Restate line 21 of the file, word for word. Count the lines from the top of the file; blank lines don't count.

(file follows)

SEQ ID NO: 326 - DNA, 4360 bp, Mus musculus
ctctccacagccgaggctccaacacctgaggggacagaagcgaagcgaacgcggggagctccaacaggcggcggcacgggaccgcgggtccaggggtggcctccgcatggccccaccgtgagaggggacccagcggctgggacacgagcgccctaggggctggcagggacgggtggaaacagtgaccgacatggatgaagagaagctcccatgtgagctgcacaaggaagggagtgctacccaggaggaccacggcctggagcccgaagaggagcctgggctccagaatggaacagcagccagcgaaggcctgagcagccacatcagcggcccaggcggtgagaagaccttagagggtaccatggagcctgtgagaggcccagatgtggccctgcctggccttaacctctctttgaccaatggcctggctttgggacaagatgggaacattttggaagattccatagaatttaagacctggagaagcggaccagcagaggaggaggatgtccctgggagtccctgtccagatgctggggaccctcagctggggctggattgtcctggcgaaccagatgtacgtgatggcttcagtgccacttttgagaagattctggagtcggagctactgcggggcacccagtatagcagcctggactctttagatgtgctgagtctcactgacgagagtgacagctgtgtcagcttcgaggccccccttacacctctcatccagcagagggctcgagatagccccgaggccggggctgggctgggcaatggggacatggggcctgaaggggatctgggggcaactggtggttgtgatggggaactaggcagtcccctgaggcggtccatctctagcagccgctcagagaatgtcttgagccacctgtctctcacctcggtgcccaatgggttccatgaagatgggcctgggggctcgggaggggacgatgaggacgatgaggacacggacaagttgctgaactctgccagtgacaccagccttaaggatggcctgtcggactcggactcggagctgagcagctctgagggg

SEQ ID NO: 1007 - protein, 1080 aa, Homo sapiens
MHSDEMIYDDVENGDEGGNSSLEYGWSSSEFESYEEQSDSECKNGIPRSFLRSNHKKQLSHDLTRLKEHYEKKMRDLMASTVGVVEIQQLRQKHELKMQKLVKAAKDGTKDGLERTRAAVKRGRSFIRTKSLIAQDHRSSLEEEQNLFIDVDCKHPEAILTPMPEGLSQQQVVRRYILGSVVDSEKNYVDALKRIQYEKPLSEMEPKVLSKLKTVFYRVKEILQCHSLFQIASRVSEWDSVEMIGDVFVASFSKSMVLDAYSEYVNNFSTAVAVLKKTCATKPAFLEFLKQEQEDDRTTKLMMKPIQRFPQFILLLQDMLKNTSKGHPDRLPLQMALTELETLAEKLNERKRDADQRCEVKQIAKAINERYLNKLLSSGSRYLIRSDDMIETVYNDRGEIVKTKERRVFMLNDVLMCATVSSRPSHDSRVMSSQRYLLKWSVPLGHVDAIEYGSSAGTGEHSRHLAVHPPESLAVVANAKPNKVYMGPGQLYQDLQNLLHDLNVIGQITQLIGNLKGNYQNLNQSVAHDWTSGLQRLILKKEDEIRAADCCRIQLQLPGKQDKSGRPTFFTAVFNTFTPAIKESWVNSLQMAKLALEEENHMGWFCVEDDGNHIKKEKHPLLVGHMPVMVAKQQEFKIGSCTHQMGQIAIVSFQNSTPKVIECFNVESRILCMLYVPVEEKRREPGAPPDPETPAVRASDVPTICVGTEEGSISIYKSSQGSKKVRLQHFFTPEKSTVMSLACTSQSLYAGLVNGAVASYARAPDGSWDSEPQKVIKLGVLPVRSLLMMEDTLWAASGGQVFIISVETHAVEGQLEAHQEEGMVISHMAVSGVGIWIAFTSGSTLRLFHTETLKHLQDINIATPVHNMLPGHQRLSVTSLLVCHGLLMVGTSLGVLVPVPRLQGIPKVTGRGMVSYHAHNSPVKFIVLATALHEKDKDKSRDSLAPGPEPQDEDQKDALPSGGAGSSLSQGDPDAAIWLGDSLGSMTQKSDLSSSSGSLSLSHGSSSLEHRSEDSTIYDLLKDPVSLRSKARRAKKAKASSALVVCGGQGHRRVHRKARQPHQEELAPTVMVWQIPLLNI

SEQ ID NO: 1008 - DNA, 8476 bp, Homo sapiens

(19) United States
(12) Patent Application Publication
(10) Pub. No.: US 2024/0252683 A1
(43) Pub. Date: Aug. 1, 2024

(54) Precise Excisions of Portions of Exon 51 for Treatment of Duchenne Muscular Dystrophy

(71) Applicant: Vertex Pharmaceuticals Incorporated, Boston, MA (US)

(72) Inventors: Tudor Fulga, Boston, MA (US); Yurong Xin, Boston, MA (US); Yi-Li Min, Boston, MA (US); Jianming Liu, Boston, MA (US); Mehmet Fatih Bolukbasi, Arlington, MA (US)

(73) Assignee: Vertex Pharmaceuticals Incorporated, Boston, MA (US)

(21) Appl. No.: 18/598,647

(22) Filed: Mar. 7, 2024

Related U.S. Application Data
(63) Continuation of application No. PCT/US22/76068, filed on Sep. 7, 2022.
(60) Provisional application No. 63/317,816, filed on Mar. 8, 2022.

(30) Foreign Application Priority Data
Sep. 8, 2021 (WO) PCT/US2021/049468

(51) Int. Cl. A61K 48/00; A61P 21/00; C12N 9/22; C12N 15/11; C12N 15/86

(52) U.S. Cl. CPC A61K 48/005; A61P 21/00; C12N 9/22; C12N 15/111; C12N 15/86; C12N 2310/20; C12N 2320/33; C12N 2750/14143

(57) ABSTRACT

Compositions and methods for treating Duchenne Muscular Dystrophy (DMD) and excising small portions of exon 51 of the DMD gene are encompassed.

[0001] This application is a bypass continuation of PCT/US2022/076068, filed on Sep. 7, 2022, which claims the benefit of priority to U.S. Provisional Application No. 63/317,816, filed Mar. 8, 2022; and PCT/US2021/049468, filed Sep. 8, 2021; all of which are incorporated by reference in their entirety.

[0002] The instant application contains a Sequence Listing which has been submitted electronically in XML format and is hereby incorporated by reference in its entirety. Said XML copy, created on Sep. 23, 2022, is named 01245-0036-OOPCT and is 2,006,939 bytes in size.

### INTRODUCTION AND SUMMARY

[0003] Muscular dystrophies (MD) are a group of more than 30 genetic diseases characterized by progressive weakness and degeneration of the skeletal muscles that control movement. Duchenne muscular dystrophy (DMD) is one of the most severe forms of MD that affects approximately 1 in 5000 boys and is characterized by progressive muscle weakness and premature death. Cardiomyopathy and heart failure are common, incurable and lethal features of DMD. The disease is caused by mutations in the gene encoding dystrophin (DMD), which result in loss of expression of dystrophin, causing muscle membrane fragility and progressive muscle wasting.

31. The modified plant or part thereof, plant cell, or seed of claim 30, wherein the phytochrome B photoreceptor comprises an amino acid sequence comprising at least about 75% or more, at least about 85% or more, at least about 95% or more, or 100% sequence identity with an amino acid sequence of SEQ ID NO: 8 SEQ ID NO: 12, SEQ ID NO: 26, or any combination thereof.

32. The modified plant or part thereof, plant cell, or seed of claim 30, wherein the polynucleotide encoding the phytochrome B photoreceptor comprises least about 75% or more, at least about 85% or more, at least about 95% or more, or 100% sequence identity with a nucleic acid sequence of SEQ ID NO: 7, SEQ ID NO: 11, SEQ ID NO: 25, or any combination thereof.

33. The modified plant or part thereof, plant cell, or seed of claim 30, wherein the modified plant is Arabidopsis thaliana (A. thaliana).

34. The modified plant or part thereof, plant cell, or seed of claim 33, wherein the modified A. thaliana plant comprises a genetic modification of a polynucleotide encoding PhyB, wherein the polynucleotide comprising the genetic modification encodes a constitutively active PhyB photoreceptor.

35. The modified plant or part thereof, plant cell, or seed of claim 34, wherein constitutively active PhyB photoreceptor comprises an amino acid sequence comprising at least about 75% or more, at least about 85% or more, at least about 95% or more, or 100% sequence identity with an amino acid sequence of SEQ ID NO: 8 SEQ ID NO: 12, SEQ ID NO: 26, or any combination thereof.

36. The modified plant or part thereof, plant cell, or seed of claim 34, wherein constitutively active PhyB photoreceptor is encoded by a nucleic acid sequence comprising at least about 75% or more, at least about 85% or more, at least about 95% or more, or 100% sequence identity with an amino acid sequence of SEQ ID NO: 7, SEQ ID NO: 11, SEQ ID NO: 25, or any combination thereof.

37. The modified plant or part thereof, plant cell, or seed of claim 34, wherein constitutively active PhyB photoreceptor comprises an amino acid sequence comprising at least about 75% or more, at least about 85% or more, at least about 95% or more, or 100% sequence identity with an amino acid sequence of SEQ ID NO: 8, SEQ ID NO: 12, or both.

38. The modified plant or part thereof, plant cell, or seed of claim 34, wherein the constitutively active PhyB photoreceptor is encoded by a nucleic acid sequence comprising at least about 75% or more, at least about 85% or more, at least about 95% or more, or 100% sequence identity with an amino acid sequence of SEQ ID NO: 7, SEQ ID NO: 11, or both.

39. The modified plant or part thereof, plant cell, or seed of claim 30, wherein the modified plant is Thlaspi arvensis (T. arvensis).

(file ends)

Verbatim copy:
(51) Int. Cl. A61K 48/00; A61P 21/00; C12N 9/22; C12N 15/11; C12N 15/86